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Jeff Masters Hypes The Latest Damp Squib

November 27, 2015

By Paul Homewood 


h/t AC Osborn 




More overhyped nonsense from Jeff Masters.

We have already had the damp squib of Hurricane Patricia, now it’s Sandra’s turn.

Claims that it reached Category 4 strength have not been supported by any physical evidence, and are simply the result of models.

Indeed, as NOAA show below, the claimed wind speeds of 145 mph (125 Kt) were only ever derived from the Best Track Warning Intensity. The actual Dvorak readings only support speeds of just over 100 Kt, or about 120 mph, making Sandra a run of the mill Category 3.




In any event, estimates of windspeeds are notoriously inaccurate, as Chris Landsea has pointed out:


The errors for using the above Dvorak technique in comparison to aircraft measurements taken in the Northwest Pacific average 10 mb with a standard deviation of 9 mb (Martin and Gray 1993). Atlantic tropical cyclone estimates likely have similar errors. Thus an Atlantic hurricane that is given a CI number of 4.5 (winds of 77 kt and pressure of 979 mb) could in reality be anywhere from winds of 60 to 90 kt and pressures of 989 to 969 mb. These would be typical ranges to be expected; errors could be worse.


In other words, Sandra may have only have been Category 2. But, of course, that would not have suited Masters’ fraudulent propaganda needs.

What he does tell us now is that Sandra has already miraculously weakened to Category 2, and will rapidly weaken further to a Tropical Depression even before it reaches the coast.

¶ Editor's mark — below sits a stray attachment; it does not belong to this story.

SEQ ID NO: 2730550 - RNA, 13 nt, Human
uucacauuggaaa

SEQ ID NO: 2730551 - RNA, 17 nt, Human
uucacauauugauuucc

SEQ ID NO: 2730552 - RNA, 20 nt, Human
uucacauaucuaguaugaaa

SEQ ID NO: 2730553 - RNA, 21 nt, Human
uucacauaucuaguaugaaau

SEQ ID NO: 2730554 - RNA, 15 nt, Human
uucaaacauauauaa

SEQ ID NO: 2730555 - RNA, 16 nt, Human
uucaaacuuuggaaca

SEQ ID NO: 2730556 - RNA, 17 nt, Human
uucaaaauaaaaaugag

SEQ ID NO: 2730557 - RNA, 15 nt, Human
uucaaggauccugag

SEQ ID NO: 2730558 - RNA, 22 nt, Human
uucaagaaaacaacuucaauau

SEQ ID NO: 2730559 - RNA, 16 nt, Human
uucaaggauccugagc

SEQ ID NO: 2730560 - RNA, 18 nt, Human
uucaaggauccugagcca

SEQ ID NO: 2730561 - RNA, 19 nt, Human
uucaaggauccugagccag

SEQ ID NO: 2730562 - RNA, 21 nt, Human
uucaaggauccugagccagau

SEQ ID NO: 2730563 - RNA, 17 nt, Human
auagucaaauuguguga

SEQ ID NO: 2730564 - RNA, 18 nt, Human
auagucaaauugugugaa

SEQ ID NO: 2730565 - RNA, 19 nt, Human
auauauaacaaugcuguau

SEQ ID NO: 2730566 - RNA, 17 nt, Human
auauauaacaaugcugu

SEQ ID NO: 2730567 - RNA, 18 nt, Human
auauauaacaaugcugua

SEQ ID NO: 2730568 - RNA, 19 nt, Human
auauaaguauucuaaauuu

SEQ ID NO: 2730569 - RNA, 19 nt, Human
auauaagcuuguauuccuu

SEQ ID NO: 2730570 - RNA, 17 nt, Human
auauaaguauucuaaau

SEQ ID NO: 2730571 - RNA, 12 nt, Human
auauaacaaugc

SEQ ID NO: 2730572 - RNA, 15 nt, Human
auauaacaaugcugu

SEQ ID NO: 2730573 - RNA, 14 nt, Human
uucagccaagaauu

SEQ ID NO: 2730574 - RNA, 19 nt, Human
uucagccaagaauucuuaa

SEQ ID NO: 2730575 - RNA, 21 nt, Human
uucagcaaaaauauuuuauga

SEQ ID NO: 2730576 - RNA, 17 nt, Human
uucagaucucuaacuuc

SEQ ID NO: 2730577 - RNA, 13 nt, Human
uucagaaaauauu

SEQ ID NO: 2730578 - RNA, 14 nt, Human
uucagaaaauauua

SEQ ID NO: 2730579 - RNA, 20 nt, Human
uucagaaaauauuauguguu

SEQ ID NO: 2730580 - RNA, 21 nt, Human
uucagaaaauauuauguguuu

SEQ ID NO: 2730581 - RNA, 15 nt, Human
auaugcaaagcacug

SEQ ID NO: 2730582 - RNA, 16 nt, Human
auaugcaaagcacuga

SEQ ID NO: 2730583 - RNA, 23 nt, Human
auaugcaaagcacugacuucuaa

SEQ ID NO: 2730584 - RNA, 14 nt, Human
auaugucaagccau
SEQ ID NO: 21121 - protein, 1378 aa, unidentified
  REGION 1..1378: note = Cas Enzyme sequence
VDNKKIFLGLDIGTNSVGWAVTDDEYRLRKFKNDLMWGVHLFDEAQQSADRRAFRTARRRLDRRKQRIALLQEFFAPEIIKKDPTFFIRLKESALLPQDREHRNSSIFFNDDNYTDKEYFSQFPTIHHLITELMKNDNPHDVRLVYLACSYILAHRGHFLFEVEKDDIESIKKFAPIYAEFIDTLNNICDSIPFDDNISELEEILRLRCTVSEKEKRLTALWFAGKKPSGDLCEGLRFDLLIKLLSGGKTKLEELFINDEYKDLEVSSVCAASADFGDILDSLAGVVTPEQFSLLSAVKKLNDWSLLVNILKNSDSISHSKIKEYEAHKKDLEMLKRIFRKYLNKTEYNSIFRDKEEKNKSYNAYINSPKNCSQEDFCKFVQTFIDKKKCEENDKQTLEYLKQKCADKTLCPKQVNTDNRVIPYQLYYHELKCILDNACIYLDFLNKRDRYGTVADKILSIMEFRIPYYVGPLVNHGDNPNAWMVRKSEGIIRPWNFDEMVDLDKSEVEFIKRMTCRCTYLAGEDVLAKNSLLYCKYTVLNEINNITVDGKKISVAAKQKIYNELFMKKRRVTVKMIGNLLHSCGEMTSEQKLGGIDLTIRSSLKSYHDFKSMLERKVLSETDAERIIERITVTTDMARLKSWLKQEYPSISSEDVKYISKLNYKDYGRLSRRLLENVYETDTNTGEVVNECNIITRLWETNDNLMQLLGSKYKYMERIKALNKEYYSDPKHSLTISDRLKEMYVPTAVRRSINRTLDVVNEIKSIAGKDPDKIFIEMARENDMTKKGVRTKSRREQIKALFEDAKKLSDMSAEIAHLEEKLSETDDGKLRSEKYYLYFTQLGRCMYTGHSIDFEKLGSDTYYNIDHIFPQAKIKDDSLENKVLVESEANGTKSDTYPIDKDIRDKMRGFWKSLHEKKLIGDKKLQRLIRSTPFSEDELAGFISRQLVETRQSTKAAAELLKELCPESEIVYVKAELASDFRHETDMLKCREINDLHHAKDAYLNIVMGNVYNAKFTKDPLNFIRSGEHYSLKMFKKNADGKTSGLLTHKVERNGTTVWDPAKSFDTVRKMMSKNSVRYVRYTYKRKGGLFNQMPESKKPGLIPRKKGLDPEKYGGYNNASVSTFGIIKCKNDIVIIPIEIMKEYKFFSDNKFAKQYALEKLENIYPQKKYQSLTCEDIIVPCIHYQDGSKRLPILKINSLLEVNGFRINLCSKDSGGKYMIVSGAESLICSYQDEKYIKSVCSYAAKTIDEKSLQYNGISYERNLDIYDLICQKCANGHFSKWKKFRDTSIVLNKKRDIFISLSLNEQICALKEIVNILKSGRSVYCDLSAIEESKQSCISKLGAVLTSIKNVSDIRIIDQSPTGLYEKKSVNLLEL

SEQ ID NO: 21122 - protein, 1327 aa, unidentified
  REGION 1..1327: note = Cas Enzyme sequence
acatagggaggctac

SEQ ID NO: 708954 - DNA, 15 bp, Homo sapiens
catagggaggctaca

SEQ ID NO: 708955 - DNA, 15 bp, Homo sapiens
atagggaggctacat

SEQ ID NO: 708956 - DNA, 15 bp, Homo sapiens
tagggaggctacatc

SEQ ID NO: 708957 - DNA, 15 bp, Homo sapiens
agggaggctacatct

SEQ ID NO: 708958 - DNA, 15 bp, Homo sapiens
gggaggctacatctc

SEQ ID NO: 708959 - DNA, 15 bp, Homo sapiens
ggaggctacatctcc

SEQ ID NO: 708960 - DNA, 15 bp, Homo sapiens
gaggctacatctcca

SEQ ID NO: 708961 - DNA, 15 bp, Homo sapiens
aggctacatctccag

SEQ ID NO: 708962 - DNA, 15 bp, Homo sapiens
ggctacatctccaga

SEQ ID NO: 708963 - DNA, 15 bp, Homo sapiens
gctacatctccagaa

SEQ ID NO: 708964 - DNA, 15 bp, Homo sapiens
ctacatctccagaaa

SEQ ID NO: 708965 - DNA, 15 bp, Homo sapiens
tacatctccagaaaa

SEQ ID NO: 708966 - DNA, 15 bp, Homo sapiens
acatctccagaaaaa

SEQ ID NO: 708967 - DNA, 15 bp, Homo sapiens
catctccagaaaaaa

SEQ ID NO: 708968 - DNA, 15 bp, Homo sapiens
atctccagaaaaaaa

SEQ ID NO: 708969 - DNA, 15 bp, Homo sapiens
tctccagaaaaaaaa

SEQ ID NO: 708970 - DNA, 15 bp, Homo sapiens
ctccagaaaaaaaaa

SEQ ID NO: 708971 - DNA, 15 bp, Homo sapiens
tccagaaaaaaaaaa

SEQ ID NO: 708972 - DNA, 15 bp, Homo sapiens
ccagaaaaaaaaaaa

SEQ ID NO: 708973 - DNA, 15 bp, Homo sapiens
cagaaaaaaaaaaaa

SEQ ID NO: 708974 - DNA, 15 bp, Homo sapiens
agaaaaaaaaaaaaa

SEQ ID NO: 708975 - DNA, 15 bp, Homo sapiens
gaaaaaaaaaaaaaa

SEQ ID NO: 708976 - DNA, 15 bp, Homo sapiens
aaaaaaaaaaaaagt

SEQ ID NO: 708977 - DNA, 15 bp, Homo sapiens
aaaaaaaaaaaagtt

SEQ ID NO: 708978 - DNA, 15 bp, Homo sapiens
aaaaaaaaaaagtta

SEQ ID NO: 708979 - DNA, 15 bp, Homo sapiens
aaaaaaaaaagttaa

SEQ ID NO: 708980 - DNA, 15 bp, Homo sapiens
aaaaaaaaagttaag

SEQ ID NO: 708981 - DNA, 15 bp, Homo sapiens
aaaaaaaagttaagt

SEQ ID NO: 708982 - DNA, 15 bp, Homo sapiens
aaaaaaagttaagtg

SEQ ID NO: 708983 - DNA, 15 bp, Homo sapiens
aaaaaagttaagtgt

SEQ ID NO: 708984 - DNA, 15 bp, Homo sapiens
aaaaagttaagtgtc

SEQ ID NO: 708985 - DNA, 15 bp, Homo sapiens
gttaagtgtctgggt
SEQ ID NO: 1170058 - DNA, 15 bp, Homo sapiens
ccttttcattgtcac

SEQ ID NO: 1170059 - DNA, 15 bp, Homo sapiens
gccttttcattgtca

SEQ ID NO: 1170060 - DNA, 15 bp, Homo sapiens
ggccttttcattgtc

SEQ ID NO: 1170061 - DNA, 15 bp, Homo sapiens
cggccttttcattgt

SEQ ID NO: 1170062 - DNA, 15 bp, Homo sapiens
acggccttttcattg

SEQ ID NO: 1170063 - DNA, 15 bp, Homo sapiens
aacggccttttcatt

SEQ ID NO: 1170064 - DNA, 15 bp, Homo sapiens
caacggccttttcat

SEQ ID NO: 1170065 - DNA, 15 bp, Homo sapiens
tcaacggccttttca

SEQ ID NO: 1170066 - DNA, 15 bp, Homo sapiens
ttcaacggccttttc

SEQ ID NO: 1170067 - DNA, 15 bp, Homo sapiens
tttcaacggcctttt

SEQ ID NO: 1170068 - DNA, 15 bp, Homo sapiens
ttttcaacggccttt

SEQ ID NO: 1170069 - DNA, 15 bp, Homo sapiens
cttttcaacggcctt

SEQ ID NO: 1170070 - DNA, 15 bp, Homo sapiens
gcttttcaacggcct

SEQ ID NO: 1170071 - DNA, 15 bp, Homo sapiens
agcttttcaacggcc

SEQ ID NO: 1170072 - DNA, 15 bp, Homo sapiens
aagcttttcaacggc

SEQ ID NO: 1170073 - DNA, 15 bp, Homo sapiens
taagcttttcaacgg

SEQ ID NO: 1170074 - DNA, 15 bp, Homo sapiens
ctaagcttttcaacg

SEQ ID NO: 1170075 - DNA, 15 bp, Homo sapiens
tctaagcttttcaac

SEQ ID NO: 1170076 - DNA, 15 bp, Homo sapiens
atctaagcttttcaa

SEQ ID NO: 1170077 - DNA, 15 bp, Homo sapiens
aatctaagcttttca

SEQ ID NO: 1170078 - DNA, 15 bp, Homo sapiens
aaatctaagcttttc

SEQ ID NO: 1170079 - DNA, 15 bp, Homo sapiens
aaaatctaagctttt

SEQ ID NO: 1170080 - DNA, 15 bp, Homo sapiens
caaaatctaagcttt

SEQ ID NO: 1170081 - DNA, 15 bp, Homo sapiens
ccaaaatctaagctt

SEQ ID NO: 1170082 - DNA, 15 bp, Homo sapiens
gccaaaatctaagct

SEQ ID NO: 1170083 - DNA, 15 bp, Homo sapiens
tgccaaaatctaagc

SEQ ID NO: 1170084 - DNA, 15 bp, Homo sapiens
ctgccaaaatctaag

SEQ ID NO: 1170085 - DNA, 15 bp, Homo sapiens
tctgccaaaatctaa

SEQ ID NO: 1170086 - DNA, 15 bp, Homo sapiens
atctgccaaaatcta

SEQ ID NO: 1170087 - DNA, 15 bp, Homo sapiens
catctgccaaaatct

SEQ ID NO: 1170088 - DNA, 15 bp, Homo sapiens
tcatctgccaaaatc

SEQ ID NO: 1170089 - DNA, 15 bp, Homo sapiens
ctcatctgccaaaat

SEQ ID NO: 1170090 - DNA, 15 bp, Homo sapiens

Hurricane Sandra


But even if every word Masters says us true? Well, so what. Measurements of hurricanes using satellite data and the Dvorak technique have only been around since the 1980’s, so the most we can say is that Sandra was the “blah, blah worst” since then.

Prior to then many hurricanes, no doubt just as bad or worse, moved around the oceans without constantly being monitored. Take, for example, the Category 3 Atlantic storm in 1934, which Masters himself mentions. Where were the satellites then which monitored their every move? Or the hurricane hunter aircraft, which did not even enter service till 1943? I find it hard to imagine a 1934 biplane flying into the middle of it!

  1. November 27, 2015 12:51 pm

    Extreme weather events have been plan B (in response to the Pause) for a while now, they even discussed it openly, how such events were needed to “raise awareness”, some even hoped for a lot of El Nino destruction.

  2. November 27, 2015 1:54 pm

    The satellite imagery for Sandra at its peak were quite impressive. It could easily have reached Category 4, but as you point out, estimating intensity from satellite imagery has a larger uncertainty than aircraft measurements or surface measurements. This has been a very active Eastern Pacific hurricane season, which is typical of El Nino years. Furthermore, the ocean surface temperatures have also been above normal southwest of Mexico. So this should not really be surprising. The Atlantic hurricane season was below normal in activity, which is also typical of El Nino years. Chalk these stats up to El Nino.

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